Mylene- Mylene (Fast Horse/Ryko FH004, 2003)
Daude – Neguinha Te Amo (Real World 70876 18101 2 7, 2003)
Many of Brazil’s brightest musical stars have been women, as is the case in any country with a sizable music industry (and Brazil’s is huge). Some remain little-known outside that nation, but increased worldwide interest in recent years has given more rapid global recognition to newer stars like
Virginia Rodrigues and
Bebel Gilberto, and the variations in Brazilian music they represent.
As luck would have it, two new CDs by two Brazilian women fell into my lap on the same day recently. Both are similar in scope in that they are a well-crafted mix of old and new sounds, but are different enough to make their respective virtues distinct.
Mylene’s self-titled debut, Mylene, is a sparse but enticing selection of pieces inspired by her contemplative view of today’s Brazilian culture and the traditions that continue to influence it.
African roots, Portuguese colonization, literary works, media images and modern technology converge in Mylene’s music, which draws quiet strength from one and all. Noted percussionist/producer Ramiro
Musotto envelops the songs in a warm balance of acoustic instruments and shadowy electronic sounds, complimenting tempos that range from samba and bossa nova to reggae and subtle Iberian rhythms. Mylene’s voice is low-key and oddly sensual, gently breathing life into highlights such as the melancholy “Clareou,” the Jamaican-style chop of “Coracao Tonto” and a surprisingly good take on the Beatles’ “Eleanor Rigby.” Pretty darn impressive for a first album.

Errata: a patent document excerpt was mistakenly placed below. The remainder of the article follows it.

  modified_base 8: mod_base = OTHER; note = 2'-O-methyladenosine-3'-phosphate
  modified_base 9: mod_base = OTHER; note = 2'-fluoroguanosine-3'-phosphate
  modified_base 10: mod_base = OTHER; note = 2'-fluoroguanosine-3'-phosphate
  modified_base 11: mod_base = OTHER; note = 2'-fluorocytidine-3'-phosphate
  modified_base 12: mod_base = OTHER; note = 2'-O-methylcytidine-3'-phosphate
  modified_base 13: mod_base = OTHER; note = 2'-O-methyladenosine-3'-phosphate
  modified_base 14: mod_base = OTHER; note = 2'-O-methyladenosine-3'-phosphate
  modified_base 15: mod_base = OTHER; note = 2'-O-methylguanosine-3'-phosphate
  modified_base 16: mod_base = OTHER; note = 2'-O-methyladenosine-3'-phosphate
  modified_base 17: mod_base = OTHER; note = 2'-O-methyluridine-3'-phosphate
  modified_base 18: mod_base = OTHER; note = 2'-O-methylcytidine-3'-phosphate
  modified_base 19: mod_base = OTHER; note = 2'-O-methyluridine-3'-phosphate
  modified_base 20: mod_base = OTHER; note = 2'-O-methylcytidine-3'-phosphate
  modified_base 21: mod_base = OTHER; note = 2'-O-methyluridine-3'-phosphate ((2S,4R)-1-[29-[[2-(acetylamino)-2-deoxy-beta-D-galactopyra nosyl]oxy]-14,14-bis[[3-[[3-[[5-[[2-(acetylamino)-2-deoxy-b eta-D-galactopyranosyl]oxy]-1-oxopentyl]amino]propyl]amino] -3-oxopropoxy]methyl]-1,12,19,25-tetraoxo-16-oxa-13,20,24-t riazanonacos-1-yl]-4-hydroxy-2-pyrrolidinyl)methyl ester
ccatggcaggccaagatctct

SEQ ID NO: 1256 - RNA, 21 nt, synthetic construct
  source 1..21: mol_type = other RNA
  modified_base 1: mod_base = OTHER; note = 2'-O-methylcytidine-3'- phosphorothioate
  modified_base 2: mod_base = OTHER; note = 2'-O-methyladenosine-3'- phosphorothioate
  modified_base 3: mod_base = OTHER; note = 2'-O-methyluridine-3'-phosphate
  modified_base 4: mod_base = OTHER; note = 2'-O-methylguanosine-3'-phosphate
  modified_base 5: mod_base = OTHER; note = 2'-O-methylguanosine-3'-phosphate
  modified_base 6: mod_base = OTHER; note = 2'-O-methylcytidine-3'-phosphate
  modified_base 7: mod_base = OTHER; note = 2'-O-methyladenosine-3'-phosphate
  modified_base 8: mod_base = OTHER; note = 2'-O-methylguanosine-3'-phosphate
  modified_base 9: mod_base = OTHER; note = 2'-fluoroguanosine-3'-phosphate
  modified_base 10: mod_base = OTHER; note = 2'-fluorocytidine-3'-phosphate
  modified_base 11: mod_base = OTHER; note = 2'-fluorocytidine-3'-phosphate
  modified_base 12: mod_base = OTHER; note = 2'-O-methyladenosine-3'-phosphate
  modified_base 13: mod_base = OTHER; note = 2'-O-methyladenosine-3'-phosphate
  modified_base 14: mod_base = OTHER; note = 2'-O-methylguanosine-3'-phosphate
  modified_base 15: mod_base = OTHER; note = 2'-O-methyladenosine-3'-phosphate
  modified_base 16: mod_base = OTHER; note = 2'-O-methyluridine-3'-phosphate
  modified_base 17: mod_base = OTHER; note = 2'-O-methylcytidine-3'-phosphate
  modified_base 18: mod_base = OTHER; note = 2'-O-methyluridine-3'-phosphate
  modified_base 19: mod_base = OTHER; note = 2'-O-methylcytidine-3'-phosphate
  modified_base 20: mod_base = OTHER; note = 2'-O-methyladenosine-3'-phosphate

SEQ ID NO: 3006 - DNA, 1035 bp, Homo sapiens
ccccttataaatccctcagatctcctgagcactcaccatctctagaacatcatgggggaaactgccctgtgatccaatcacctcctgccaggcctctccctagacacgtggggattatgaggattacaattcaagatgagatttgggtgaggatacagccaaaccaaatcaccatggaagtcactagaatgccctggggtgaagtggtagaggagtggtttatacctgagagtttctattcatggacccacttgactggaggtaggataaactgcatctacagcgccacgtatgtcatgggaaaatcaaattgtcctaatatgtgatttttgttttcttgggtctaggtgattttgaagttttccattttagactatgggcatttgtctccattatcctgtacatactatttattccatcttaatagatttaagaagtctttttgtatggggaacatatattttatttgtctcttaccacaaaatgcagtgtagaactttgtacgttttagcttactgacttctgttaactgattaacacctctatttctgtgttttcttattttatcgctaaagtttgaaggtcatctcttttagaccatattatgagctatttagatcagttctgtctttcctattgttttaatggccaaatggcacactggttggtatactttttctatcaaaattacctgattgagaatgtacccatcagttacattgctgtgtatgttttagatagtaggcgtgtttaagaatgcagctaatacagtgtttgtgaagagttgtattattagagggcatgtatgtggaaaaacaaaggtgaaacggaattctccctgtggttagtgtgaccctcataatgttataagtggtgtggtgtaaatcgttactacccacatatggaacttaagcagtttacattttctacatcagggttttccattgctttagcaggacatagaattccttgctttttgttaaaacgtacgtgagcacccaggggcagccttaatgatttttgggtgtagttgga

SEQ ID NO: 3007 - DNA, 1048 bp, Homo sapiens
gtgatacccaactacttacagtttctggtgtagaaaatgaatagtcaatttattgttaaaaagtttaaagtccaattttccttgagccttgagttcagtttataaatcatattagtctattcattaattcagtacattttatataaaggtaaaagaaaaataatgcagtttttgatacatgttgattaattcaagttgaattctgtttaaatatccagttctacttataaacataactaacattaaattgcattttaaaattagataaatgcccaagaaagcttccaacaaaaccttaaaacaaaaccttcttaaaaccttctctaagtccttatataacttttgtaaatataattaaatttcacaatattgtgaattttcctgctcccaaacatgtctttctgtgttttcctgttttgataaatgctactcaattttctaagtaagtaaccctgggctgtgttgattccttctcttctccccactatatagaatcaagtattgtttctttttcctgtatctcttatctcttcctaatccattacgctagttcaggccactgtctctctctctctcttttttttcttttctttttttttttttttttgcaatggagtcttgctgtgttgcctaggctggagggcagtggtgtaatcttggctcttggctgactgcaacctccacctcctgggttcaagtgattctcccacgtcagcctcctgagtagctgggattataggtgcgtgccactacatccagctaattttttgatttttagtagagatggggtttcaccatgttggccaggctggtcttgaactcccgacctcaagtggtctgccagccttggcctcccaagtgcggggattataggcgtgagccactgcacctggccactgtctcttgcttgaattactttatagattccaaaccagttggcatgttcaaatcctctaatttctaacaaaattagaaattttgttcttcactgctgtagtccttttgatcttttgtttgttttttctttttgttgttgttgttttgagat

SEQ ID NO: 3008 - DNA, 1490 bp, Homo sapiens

Daude (pronounced dah-oo-jee) had an album put out on Tinder Records a few years back.
I don’t know much about that one, so Neguinha Te Amo is my first true earful of her sound. And it’s a good one. She seems to be aiming more for the dancefloor, and thus both the rhythms (mostly the Afro-Bahian kind) and the electronics are notched higher than on the Mylene disc. Daude’s got a huskier voice too, well-suited for the bossa nova slink of a song like “Canto de Ossanha” (which stands up well when compared to the Baden Powell/Vinicius de Moraes original) or the slow “Sans Dire Adieu,” where she comes across like a Brazilian Annie Lennox. But the majority of the tracks are move-and-groovers that are nicely laced with a variety of potions borrowed from samba, jazz and Middle Eastern music, all with enough chill to cool you out without putting you to sleep.
The production style wisely gives both traditional and contemporary sounds a fair amount of prominence in the mix, making Neguinha Te Amo, modern Brazilian music that succeeds as well as it does not only through variety but an understanding that sounding modern shouldn’t cancel out sounding Brazilian.